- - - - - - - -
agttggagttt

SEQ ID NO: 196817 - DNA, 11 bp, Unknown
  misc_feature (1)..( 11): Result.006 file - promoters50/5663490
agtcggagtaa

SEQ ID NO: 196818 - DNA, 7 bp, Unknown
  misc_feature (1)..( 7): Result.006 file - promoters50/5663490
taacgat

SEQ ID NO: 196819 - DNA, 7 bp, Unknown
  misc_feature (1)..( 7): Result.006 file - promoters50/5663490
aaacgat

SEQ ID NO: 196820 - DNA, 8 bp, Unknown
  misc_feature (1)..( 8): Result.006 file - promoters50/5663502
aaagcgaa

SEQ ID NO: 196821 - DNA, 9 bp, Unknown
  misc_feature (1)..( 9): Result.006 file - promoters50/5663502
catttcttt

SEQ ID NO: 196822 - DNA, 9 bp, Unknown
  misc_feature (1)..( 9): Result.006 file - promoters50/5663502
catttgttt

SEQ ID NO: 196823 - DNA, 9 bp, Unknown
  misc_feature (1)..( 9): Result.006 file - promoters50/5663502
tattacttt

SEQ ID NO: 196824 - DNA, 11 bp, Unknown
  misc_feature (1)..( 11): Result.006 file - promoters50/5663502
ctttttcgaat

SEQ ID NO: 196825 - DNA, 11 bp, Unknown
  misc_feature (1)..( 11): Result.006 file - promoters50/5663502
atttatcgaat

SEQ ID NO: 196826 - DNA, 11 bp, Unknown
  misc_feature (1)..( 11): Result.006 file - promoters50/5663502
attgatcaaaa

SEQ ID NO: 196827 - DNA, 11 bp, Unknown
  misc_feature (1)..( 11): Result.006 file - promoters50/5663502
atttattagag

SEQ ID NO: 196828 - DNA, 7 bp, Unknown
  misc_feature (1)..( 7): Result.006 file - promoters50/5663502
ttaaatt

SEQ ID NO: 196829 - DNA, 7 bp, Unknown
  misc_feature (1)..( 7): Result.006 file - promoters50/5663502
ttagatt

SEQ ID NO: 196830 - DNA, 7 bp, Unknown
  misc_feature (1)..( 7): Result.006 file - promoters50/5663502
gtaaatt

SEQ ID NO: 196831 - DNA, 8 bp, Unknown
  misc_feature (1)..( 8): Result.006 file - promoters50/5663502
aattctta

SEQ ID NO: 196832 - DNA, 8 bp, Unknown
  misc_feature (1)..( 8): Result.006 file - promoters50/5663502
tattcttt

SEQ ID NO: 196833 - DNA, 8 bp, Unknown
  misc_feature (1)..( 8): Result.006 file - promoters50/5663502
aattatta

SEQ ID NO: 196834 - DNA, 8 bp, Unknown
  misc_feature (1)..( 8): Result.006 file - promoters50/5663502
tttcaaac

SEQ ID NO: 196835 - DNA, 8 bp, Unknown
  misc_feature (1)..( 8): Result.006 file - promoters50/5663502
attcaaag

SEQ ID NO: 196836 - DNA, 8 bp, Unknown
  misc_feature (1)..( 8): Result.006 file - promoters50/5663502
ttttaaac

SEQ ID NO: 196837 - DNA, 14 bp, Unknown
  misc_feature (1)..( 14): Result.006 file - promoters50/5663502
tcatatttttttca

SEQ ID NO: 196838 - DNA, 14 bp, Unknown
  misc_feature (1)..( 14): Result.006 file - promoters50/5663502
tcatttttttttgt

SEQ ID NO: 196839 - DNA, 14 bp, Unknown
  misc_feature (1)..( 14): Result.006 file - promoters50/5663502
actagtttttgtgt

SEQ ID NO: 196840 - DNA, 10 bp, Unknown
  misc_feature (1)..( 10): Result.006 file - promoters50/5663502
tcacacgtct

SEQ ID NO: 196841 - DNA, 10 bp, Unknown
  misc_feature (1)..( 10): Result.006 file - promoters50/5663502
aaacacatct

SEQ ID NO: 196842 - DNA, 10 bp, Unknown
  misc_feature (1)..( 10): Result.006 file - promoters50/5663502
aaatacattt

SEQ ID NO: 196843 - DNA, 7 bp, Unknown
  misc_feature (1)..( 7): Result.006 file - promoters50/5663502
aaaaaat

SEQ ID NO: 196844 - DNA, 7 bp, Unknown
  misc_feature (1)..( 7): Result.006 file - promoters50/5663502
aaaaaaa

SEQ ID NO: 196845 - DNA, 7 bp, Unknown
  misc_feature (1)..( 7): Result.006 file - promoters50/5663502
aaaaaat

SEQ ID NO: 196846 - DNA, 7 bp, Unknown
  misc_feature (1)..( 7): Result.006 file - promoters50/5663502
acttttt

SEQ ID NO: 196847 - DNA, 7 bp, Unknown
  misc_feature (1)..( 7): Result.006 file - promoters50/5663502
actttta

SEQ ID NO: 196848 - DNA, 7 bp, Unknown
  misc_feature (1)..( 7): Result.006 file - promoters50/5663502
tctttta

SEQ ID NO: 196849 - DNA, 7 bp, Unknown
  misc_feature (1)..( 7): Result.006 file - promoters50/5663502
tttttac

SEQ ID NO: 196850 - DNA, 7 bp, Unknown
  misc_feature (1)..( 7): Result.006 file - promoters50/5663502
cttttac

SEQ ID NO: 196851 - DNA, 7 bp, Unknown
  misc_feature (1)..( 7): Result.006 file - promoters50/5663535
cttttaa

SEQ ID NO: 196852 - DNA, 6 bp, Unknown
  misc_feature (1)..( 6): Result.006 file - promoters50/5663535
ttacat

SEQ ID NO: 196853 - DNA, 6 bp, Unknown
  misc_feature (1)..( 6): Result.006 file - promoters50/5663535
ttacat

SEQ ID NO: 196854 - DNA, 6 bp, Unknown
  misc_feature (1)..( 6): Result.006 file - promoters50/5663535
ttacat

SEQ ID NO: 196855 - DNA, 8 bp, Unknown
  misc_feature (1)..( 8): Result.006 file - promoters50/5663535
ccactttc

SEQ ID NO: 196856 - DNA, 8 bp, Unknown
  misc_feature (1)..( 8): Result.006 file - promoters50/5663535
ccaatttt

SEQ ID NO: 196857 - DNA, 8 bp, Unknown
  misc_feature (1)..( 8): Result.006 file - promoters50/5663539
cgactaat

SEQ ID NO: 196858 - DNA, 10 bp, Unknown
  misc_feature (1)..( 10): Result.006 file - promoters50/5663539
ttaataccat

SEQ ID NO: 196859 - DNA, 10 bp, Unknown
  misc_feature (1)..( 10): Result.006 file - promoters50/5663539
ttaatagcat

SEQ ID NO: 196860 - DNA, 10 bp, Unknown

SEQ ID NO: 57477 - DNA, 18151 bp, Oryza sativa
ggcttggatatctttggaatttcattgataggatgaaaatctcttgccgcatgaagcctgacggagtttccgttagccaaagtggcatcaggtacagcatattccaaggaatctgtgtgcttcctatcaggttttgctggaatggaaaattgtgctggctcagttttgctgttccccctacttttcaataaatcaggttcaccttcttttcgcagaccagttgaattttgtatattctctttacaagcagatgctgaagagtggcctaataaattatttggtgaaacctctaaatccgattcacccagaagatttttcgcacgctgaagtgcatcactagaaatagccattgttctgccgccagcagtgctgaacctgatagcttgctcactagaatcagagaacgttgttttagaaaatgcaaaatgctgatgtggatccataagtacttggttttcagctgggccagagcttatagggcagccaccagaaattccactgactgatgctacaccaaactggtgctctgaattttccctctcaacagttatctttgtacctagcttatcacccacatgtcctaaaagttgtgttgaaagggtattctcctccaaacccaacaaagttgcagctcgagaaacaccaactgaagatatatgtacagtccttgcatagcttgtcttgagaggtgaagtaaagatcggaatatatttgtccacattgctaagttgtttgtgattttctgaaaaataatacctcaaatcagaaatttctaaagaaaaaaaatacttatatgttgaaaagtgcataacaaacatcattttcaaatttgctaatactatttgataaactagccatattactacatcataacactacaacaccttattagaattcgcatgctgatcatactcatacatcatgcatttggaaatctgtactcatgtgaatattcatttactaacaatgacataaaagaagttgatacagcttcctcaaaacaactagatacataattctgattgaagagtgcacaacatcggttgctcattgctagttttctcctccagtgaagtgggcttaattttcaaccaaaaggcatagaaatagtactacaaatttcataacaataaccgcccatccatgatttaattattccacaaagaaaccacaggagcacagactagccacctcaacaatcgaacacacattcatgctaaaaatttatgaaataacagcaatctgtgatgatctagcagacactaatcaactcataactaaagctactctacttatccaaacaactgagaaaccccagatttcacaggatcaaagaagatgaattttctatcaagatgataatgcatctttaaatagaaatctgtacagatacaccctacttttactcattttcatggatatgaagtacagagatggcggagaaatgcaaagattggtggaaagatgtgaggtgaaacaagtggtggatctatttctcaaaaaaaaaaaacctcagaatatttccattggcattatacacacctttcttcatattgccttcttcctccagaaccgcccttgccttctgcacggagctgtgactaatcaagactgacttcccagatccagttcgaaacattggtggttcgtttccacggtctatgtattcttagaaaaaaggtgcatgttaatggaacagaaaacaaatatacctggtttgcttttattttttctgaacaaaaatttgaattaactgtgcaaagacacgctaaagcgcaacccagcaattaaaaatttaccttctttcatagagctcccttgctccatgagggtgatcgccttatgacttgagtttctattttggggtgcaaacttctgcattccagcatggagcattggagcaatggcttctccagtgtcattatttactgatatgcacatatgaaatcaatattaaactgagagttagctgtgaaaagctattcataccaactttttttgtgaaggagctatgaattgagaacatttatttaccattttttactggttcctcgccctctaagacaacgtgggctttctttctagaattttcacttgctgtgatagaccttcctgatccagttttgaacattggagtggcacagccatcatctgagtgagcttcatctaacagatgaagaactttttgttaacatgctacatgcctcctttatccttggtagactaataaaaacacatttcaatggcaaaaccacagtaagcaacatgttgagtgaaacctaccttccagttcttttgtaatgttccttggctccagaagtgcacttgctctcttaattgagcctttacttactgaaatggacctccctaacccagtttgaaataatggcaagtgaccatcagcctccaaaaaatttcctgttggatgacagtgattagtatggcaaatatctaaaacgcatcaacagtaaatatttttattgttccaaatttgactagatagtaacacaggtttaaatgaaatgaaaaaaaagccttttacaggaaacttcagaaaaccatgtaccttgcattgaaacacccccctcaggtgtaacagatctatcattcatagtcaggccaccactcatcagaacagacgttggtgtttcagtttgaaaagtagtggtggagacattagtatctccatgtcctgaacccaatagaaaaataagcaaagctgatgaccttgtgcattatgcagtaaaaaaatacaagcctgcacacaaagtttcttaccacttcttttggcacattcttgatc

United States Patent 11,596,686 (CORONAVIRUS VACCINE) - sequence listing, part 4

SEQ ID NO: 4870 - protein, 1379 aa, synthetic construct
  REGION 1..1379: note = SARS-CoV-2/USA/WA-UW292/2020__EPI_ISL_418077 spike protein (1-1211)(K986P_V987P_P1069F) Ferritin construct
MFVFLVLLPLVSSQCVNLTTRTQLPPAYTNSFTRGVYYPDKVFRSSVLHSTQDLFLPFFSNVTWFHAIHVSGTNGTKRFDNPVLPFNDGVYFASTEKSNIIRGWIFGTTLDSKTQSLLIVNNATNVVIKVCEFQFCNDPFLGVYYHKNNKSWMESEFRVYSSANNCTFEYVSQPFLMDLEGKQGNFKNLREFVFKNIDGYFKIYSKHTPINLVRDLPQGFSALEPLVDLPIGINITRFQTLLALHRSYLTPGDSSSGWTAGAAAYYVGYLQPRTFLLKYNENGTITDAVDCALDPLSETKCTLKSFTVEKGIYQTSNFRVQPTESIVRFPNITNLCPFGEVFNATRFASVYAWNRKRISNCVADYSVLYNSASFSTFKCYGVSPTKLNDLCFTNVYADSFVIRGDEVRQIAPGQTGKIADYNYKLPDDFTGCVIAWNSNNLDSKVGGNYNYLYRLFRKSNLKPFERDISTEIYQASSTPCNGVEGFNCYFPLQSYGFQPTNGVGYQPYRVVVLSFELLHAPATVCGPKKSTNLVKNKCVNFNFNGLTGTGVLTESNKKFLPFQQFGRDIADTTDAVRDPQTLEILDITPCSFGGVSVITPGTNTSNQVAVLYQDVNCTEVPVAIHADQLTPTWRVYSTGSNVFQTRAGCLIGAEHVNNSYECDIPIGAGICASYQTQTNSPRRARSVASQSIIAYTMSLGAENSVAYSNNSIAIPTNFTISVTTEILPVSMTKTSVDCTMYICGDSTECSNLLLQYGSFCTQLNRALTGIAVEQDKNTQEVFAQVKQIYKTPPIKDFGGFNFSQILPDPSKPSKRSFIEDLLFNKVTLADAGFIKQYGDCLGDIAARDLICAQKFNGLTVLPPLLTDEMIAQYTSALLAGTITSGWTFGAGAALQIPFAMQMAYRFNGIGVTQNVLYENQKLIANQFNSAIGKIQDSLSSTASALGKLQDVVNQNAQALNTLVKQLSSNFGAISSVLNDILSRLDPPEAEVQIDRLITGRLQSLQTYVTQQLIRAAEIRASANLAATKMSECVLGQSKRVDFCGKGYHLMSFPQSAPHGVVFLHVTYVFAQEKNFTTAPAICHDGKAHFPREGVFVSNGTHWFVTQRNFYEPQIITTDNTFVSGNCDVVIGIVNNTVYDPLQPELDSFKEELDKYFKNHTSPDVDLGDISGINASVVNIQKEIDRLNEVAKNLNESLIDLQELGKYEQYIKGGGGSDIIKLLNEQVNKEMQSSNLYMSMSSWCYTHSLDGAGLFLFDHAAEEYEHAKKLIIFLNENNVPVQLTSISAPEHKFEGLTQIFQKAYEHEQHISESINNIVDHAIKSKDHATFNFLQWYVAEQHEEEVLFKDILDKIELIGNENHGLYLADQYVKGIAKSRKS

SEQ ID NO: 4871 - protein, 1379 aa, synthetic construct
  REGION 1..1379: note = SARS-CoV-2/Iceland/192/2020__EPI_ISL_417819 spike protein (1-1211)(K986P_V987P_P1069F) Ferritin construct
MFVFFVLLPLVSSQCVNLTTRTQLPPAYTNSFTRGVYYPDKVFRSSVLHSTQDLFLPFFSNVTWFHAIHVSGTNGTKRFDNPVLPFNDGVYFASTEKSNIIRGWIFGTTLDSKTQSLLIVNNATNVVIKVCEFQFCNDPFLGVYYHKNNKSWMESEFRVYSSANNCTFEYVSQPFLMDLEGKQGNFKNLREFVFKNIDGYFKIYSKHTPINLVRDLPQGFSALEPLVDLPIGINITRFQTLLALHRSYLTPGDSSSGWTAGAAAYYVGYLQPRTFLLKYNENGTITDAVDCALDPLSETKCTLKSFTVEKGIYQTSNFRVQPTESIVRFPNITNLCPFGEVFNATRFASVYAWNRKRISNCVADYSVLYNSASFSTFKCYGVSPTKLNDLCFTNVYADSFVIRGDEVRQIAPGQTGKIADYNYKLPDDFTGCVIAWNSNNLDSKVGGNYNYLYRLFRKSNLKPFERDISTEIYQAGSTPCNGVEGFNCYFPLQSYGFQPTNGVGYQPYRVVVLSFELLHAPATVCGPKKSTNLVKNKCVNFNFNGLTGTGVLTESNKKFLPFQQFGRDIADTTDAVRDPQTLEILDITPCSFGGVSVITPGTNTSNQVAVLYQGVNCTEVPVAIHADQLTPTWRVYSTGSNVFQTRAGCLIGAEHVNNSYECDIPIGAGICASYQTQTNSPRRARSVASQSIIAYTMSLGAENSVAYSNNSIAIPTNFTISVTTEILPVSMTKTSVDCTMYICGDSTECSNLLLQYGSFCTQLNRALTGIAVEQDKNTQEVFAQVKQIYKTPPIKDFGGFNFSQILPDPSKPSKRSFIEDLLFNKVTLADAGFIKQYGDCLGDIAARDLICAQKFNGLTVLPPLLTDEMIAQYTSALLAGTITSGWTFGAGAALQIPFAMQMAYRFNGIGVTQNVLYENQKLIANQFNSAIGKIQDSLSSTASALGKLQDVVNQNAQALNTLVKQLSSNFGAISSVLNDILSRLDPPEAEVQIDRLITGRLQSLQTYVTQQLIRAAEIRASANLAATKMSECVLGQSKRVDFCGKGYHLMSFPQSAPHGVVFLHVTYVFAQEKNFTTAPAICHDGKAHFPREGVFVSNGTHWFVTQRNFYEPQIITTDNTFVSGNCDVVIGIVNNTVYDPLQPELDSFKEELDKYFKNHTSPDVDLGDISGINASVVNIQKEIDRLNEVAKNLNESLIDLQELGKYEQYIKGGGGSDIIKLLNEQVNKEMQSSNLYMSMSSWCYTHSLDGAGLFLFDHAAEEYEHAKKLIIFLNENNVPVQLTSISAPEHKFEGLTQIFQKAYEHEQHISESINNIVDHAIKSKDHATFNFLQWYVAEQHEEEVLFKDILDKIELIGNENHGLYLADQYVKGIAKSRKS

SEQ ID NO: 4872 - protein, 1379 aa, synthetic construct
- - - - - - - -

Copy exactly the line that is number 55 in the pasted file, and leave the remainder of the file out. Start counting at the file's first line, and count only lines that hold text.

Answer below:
tttcaaac